Yesterday, John P. Holdren, Director of the White House Office of Science and Technology Policy (OSTP) released a memorandum to the heads of executive departments and agencies calling for a variety of actions to be taken to fast track the use of citizen science and crowdsourcing in the federal government. Among the specific actions are (1) for each agency to appoint a citizen science and crowdsourcing coordinator and (2) for agencies to list citizen science and crowdsourcing projects in a new GSA website (similar to Challenge.gov that lists prizes sponsored by agencies) to help the public find federally funded projects. This latter effort can build on the current Commons Lab database of federal projects.
Towards the end of the memo OSTP outlines suggestions for building capacity through five areas: policy, resources and staffing, technologies and scientific instrumentation, grant-making and rigorous research. While the recommendations are specific to federal employees, one area in particular, grant-making mechanisms, should be of particular interest to Do-It-Yourself biology and maker communities.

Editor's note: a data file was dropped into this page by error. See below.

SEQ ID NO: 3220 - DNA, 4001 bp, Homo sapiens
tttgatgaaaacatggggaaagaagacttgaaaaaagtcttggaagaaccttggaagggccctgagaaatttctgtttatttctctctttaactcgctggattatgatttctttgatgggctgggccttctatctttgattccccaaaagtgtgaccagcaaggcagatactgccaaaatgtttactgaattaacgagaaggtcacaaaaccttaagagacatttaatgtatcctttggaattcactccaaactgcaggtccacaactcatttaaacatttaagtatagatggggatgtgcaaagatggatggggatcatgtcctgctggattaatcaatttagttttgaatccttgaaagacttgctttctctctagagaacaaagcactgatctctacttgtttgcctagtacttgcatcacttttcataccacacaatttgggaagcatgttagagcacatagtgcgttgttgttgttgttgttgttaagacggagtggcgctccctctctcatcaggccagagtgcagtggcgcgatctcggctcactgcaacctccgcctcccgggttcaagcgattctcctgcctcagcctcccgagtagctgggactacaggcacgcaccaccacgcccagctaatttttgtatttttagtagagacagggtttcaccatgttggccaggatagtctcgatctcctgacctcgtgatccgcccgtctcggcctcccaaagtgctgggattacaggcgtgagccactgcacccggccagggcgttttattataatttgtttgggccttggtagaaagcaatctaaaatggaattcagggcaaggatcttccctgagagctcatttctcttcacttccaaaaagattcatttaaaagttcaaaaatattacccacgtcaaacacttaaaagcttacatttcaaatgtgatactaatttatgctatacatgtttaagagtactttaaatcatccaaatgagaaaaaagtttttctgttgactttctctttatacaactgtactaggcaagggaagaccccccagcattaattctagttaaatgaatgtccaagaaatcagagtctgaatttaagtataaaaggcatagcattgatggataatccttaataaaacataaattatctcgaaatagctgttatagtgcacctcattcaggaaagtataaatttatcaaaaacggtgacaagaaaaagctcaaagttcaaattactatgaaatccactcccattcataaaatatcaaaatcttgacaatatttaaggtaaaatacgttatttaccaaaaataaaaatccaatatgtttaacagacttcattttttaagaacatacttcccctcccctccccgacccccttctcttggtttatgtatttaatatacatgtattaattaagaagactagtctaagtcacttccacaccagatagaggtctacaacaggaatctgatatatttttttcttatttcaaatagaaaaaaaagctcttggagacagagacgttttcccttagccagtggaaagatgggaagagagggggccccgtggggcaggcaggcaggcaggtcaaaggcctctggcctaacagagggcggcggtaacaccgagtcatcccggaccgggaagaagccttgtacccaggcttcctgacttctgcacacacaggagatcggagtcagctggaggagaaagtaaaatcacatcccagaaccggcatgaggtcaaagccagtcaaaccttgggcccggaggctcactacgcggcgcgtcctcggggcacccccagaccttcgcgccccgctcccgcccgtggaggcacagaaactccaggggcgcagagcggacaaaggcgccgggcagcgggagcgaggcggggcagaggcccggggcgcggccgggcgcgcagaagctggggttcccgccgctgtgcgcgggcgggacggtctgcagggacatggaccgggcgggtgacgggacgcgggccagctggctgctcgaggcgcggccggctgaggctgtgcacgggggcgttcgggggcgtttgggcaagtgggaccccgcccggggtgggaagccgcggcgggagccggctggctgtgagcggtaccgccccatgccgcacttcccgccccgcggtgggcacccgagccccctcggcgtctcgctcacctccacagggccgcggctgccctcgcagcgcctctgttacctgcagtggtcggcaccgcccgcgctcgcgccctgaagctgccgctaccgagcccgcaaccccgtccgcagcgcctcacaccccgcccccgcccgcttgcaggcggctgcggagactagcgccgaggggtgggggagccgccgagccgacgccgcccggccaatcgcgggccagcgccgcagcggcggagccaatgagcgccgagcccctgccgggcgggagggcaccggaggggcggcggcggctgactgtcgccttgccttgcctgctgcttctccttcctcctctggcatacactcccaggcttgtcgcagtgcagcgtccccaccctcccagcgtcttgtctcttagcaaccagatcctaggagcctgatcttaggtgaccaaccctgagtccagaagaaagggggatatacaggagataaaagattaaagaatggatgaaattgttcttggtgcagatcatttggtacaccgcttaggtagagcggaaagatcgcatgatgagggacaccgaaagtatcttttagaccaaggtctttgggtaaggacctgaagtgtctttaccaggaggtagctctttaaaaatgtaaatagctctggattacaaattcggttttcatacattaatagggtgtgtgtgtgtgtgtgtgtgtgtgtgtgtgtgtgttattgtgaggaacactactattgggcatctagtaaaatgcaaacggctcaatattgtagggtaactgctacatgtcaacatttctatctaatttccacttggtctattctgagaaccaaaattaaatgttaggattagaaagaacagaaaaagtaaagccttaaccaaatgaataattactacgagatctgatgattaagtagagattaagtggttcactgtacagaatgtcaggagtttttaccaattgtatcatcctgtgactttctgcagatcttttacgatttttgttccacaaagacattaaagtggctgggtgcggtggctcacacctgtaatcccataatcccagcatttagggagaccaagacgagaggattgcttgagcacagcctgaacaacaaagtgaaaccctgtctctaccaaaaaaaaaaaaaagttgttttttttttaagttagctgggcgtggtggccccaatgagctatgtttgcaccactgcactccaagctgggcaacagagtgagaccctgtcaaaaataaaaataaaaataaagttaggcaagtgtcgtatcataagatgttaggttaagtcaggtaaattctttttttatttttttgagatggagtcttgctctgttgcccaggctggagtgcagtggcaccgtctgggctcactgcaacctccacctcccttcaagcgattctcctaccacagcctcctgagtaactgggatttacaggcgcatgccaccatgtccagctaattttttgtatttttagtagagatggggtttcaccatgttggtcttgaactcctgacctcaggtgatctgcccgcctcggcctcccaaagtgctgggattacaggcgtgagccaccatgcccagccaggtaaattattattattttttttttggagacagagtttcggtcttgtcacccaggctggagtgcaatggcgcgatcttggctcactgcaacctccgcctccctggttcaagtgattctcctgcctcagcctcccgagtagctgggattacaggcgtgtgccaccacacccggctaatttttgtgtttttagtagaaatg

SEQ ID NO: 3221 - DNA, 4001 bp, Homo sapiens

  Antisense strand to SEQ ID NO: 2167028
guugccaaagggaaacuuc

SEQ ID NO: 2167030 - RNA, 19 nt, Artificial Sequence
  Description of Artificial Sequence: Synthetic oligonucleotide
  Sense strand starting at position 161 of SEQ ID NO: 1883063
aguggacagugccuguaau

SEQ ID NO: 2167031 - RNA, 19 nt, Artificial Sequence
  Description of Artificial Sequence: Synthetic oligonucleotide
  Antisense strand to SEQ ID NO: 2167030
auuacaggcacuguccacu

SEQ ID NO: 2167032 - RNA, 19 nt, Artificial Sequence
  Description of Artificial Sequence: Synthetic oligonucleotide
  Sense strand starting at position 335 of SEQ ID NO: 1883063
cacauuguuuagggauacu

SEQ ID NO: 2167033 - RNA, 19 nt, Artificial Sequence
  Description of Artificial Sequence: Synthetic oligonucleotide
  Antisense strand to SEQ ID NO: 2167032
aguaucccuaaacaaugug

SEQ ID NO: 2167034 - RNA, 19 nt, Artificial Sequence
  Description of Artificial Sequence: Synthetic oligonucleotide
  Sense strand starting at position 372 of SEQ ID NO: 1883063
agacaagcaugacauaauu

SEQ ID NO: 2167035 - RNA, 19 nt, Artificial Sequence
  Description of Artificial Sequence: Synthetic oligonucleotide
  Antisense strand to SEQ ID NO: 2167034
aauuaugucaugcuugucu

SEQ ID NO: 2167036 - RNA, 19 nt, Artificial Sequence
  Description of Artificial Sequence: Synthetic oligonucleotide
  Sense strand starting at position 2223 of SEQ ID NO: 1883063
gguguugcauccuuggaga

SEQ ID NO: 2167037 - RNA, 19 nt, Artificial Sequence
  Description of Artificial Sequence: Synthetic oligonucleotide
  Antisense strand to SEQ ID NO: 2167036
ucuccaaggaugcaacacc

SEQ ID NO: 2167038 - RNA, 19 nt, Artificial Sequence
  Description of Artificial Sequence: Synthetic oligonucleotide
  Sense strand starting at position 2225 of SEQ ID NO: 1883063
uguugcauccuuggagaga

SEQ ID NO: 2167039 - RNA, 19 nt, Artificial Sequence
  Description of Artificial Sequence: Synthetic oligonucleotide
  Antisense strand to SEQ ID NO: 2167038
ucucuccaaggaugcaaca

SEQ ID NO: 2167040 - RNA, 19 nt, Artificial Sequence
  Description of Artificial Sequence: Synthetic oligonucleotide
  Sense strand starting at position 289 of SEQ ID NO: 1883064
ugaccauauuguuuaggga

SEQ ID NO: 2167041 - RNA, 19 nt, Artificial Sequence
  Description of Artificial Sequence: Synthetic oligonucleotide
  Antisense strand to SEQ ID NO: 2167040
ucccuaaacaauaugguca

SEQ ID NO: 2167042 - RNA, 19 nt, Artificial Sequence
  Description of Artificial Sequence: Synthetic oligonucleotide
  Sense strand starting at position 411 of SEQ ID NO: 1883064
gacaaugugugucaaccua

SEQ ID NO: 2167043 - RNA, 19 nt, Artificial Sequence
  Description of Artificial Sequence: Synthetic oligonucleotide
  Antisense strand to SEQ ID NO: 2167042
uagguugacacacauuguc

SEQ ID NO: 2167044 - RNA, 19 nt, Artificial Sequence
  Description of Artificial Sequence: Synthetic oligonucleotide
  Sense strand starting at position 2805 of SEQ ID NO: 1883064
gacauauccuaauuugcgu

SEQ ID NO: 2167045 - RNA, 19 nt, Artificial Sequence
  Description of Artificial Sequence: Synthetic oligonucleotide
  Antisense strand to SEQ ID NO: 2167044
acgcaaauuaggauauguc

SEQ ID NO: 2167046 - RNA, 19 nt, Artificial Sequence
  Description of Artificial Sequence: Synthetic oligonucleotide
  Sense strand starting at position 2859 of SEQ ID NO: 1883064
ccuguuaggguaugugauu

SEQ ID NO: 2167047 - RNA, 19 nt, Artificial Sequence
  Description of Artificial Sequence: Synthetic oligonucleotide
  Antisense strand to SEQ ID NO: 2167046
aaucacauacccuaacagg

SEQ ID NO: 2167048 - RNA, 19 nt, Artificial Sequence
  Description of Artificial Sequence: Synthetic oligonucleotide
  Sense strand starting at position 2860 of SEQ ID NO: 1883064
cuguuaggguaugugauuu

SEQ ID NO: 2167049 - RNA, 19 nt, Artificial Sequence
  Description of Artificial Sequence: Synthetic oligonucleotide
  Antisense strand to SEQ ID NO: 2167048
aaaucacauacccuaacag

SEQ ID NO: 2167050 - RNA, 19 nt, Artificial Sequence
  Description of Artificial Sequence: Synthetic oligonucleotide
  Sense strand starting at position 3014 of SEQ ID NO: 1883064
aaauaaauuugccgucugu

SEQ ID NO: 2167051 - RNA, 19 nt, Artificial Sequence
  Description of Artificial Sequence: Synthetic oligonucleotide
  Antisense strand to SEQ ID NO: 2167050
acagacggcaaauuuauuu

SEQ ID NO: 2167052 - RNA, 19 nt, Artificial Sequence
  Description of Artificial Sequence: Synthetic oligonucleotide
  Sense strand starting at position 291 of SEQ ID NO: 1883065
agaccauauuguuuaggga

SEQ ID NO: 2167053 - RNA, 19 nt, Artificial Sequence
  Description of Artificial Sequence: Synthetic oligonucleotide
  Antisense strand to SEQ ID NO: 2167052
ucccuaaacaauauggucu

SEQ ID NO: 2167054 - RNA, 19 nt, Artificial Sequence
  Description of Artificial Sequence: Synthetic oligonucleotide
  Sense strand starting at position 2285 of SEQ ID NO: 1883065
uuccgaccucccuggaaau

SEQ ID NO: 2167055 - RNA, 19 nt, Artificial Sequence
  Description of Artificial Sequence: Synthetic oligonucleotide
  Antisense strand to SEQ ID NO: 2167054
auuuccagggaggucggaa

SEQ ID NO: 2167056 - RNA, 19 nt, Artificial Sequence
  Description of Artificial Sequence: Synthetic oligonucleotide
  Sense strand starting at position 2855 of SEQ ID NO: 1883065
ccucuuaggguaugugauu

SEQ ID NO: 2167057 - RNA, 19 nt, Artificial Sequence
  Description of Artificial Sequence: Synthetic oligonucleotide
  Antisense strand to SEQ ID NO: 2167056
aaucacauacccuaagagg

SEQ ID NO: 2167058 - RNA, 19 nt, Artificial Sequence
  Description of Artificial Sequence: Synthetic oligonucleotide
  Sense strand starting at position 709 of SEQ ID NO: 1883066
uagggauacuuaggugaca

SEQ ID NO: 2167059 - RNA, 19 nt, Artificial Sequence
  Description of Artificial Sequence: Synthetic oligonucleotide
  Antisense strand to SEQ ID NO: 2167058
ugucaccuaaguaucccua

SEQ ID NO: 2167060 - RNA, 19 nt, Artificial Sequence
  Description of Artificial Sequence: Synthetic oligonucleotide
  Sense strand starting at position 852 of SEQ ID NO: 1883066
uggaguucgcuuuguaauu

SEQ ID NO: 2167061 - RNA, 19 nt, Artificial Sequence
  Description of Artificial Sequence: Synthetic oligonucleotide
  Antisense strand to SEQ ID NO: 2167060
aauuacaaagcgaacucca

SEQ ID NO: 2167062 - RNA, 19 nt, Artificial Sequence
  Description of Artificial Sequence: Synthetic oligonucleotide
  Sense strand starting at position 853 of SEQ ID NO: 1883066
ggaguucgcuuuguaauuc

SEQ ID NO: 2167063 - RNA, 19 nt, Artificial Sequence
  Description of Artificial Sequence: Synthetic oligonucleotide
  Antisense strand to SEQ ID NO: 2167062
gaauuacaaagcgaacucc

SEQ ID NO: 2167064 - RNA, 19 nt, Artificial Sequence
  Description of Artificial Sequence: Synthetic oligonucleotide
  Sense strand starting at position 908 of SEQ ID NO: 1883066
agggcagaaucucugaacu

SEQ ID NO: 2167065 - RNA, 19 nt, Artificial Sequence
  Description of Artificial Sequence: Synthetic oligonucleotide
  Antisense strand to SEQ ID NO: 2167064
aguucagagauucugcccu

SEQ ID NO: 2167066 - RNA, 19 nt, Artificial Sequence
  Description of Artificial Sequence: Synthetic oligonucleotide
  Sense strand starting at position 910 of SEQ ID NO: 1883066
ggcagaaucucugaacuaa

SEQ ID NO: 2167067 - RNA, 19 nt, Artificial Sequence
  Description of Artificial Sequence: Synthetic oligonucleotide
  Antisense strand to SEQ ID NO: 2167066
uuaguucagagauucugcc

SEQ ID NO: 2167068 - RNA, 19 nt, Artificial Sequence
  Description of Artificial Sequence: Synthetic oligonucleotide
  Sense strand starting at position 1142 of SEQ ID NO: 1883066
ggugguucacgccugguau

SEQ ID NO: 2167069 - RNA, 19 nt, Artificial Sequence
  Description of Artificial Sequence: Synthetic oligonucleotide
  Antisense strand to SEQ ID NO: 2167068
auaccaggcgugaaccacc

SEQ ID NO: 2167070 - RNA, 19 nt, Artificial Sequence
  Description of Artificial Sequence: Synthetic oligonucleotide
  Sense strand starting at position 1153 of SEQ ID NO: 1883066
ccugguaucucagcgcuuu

The memo states:
Create mechanisms for providing small grants to individuals and communities that may not be affiliated with universities or traditional government contractors
It then highlights DARPA’s Fast Track Initiatives as a flagship model for funding that could be applied to citizen science and crowdsourcing. The Fast Track Initiative opens up small research grants to individuals instead of traditional institutions like universities and beltway contractors.
This call could have huge implications for all “grassroots” or DIY initiatives who have long been excluded from traditional science and engineering funding mechanisms. In 2012, the Institute on Science for Global Policy held a conference on “21st Century Borders/Synthetic Biology: Focus on Responsibility and Governance” which called for a similar reform:
Federal funding agencies should develop metrics and procedures to allow actors outside the traditional academic or business communities to apply for and receive federal grants. If we want to harness the intellectual power of this movement, federal funding agencies should rethink their mechanisms for awarding grants – Todd Kuiken, Wilson Center
This is good news that the cry’s for diversifying science funding mechanisms in the federal government have been heard and we look forward to watch the ripple effects unfold. Citizen Scientists, DIYbio, maker and hacker communities will no longer be restricted to crowd-funding platforms and should stay tuned and watch closely.